Business casual

In the past week or so since the loss of Apple’s Steve Jobs, much has been said about his contributions to business, technology, entertainment and culture. One of my favorite haunts for news, the Daily Beast, took a look at another area impacted by Mr. Jobs – the world of business fashion.

Steve Jobs’s Timeless Geek Chic 

We will always remember the Steve Jobs look – the black mock turtleneck, the jeans and the running shoes, and as the article points out – Jobs could have easily decked himself out head to toe in the latest threads fresh off the fashion runway, yet he opted for his standard issue uniform. I love this article and this unique take on a not so regularly spoke of, yet compelling aspect of the Jobs impact.

One of those dreaded ‘climb the ladder’ type corporate sayings goes “dress for the job you want, not the job you have.” Earlier in my career, I subscribed to that way of thinking, but as I’ve gotten older…well let’s just say I don’t spend as much time in the men’s department at Macy’s or Nordstrom’s, and I’m doing OK career wise (on most days).

Don’t get me wrong, I don’t go into the office dressed like Jethro Bodine. It’s just that I don’t waste too much time (or $$) attempting to put lipstick on a pig, My fashion style tends to border more on comfort and practicality and less on haute couture and trying to be something I’m not (…and have no desire to be).

Your time is limited, so don’t waste it living someone else’s life. Don’t be trapped by dogma – which is living with the results of other people’s thinking. Don’t let the noise of others’ opinions drown out your own inner voice.
Steve Jobs: Stanford commencement address, June 2005

Yeah, our time is limited, and unfortunately, we all can’t invent the next great technological contribution to society. We can, however, strive vigorously to be as present and comfortable in our skin as Steve Jobs was…as comfortable as a mock turtleneck, jeans and a pair of running shoes.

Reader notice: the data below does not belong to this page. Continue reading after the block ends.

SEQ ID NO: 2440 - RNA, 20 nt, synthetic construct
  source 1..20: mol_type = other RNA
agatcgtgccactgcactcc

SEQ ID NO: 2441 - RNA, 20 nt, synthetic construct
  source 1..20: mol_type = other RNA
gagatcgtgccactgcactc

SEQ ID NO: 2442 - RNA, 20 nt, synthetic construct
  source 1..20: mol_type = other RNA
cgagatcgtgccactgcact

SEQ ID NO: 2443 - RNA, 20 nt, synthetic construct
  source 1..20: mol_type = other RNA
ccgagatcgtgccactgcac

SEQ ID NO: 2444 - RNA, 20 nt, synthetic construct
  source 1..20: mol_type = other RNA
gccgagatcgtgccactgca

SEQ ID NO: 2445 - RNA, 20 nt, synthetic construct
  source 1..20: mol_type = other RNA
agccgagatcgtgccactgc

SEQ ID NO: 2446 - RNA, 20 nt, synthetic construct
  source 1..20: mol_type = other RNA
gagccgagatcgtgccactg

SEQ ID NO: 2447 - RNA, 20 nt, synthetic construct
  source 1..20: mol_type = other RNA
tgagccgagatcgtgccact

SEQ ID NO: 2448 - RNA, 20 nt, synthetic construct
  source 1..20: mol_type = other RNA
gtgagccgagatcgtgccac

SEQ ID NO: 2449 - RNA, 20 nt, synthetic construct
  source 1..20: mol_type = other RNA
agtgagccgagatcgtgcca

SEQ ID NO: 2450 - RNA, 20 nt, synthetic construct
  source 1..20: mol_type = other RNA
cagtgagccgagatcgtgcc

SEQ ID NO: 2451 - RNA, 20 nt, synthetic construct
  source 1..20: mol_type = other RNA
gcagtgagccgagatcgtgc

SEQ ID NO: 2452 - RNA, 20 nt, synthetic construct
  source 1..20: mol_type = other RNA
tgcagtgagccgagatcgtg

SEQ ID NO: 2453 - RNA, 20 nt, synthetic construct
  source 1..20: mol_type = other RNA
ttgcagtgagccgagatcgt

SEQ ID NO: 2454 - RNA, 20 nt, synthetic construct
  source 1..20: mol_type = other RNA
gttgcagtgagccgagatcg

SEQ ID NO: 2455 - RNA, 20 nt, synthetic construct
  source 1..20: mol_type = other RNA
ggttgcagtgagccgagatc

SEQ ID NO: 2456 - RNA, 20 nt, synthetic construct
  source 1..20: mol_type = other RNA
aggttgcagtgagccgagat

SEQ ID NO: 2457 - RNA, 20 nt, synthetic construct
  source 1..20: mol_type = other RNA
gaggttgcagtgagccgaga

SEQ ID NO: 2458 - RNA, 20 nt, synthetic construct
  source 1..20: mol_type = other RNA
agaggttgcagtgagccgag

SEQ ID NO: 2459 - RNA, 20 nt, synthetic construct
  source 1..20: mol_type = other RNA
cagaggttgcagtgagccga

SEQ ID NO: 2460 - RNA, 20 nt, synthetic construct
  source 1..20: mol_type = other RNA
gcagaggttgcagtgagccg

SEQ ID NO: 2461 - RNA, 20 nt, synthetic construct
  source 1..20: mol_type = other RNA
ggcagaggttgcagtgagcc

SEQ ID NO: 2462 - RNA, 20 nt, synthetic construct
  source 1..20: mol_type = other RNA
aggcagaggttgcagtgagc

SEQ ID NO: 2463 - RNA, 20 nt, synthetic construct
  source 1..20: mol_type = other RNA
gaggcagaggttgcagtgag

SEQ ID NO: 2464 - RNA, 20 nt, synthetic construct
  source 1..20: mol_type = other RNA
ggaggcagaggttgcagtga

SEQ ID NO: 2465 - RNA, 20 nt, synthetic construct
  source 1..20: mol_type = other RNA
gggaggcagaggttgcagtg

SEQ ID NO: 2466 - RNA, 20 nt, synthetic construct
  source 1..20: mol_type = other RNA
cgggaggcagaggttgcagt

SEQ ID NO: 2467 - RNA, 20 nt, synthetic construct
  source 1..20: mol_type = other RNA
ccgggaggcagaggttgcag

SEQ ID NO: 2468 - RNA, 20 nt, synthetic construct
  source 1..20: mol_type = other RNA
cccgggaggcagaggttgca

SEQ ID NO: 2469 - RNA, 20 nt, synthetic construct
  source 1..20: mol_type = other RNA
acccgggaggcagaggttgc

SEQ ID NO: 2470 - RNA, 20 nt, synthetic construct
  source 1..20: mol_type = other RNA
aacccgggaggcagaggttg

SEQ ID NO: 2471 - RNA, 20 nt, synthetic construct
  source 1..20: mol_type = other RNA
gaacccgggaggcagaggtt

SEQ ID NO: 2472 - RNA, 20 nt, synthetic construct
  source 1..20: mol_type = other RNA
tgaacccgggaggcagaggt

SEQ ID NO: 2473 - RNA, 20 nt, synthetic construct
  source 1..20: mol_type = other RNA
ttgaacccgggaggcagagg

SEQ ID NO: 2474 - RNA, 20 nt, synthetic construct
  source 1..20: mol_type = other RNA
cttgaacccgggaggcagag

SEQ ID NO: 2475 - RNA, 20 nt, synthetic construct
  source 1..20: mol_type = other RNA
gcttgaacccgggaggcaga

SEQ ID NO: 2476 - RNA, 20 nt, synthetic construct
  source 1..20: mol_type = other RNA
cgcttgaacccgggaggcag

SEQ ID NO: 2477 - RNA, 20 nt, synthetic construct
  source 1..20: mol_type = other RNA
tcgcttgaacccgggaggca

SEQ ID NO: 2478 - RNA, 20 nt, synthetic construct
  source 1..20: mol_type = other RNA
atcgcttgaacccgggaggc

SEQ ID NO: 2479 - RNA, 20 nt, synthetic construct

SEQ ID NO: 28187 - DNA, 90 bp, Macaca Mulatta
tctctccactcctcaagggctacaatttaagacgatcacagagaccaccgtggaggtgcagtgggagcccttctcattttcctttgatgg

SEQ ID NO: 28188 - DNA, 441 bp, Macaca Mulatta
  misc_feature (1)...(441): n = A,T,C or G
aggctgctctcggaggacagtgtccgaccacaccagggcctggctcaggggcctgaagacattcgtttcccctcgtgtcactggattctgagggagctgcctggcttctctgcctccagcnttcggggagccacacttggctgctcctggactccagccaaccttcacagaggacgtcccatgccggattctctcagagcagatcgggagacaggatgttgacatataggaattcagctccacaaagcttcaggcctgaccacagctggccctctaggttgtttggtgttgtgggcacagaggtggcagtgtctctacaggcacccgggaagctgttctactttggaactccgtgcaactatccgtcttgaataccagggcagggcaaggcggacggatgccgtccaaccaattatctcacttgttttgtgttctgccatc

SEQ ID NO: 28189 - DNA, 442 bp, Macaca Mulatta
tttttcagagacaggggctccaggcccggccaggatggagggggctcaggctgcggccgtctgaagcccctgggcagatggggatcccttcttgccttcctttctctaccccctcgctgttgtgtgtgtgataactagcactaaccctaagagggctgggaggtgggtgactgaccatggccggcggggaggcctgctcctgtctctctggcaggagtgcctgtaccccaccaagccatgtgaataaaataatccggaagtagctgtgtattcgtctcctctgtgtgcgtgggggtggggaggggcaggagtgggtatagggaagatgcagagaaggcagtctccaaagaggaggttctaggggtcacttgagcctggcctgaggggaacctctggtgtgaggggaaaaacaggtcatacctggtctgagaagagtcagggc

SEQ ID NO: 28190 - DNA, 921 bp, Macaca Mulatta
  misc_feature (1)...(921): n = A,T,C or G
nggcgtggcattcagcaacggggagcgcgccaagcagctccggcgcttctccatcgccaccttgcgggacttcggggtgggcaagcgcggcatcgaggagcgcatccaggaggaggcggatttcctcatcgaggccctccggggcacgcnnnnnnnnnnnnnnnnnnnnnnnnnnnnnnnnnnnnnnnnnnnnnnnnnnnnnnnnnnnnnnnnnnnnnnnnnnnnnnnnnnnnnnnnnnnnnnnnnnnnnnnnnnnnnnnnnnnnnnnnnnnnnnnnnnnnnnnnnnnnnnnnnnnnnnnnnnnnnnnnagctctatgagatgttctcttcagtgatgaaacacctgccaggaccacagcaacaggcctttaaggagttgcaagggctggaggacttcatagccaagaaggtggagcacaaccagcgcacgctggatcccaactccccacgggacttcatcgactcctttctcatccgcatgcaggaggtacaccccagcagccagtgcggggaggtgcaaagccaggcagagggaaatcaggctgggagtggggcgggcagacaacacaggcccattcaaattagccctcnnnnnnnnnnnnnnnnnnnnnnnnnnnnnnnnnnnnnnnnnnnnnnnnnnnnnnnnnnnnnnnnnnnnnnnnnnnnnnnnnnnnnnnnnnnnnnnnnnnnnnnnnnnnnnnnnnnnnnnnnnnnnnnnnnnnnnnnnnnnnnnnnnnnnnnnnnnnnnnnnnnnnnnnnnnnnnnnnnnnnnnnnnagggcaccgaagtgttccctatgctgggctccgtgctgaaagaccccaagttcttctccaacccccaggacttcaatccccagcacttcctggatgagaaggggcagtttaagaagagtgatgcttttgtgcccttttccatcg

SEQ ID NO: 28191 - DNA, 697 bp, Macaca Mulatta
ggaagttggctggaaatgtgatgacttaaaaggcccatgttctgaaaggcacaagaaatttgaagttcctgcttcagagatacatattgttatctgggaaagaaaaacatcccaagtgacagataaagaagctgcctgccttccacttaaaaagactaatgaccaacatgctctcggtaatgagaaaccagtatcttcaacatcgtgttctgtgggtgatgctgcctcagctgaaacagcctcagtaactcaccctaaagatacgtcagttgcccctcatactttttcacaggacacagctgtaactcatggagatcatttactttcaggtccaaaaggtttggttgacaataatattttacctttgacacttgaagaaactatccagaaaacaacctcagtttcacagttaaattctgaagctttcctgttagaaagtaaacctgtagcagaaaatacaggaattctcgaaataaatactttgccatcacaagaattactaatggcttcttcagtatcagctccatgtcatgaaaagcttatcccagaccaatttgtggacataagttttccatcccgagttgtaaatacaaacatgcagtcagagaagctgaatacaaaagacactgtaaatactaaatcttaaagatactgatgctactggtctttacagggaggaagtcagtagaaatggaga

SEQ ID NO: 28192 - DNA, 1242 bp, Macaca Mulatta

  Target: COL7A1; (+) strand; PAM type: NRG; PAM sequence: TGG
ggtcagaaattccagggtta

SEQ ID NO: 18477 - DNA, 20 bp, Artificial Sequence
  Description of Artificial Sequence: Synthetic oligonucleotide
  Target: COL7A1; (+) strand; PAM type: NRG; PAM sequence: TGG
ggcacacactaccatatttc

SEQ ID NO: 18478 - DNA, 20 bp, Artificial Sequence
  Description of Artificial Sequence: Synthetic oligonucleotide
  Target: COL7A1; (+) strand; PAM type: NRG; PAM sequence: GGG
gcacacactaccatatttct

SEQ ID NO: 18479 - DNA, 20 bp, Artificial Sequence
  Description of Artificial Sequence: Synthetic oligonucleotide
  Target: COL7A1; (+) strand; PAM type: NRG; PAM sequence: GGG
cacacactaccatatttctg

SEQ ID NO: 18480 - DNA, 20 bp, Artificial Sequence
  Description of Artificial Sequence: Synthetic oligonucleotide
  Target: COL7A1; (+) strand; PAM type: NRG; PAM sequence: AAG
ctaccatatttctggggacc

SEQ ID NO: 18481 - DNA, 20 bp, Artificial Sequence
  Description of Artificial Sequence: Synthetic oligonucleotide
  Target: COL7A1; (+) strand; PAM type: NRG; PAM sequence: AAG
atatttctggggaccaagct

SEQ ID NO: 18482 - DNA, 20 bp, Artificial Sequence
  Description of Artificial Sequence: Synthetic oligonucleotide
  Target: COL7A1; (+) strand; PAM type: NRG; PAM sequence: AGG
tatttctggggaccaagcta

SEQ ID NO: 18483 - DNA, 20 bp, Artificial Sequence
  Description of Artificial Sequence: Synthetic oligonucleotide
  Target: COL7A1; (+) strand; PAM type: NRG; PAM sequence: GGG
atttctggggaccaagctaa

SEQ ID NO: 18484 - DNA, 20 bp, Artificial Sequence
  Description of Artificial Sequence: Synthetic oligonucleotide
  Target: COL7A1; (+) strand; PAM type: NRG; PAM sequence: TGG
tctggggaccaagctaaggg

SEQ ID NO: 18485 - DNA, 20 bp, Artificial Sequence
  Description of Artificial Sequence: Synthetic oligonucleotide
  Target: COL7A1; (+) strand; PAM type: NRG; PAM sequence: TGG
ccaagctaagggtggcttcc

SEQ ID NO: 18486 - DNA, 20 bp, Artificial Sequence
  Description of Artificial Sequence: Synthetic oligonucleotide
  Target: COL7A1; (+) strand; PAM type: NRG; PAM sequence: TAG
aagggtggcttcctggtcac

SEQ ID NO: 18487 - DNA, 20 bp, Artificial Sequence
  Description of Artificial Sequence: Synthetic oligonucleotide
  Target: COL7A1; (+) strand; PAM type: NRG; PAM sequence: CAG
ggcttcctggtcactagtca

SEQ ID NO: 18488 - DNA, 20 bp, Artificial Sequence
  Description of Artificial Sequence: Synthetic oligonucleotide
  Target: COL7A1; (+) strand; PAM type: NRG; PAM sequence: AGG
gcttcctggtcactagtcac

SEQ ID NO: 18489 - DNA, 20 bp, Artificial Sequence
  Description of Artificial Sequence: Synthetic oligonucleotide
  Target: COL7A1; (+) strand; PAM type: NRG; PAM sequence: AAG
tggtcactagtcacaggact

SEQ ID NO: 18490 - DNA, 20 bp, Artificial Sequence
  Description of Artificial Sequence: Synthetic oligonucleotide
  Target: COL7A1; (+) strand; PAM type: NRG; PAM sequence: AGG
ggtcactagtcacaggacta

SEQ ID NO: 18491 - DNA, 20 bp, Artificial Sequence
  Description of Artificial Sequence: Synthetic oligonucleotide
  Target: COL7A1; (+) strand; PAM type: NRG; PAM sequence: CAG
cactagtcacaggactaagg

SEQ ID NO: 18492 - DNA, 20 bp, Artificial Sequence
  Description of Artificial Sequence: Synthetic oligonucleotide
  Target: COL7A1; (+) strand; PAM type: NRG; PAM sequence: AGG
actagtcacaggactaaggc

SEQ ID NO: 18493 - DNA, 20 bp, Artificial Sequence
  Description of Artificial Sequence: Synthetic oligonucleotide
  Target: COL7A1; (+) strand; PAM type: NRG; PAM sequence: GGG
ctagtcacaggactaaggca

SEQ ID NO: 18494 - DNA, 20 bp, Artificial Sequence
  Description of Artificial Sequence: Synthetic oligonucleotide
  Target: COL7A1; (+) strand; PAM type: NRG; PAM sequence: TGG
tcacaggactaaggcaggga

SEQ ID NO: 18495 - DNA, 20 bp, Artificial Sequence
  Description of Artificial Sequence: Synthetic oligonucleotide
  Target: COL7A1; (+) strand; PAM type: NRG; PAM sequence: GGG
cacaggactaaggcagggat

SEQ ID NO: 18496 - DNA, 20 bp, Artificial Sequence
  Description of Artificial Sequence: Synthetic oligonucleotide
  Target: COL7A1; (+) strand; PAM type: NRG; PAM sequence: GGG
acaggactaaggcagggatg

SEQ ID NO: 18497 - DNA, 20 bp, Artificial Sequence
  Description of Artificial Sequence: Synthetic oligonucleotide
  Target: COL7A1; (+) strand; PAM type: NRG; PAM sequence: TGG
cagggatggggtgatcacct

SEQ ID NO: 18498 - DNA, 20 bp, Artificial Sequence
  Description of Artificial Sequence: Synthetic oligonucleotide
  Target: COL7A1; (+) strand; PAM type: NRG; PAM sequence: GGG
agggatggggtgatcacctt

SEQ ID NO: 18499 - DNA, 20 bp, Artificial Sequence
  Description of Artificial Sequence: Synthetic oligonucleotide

1. Michael Charney (@BeckIsALib)

    Nice way of connecting Jobs’ attire to a meaningful worldview. I’ve never thought of it that way.

    There’s an interesting side note to the story, which also tells us something about him: his original intention was to use the black turtleneck as a uniform for Apple. he bought hundreds of them, but his staff didn’t take to the idea. So he also learned that one man’s vision can only be part of another’s.


  2. Angela

    Interesting take. Steve Jobs was confident but didn’t feel he needed to prove anything to the world. The image he portrayed was one of a genuine, approachable individual.


  3. Lanre

    Listening to and obeying ones inner voice is really important especially if one of our main goals is success. It’s also important to learn from the masters too, but with common sense. I dress the way I want, in line with what the occasion demands. If I’m not comfortable in it, I’m not wearing it.


  4. Alexis

    First of all, I must say, I love the title of your blog. I started mine from my “Quarter Life Crisis”, so I totally get it. 🙂

    I love this article. I hadn’t really noticed Steve Jobs’ style, but I am so glad he stayed true to who he was instead of trying to portray a certain image. That is exactly how I live my life and I encourage others to do the same.


Leave a Reply

Fill in your details below or click an icon to log in: Logo

You are commenting using your account. Log Out /  Change )

Google+ photo

You are commenting using your Google+ account. Log Out /  Change )

Twitter picture

You are commenting using your Twitter account. Log Out /  Change )

Facebook photo

You are commenting using your Facebook account. Log Out /  Change )


Connecting to %s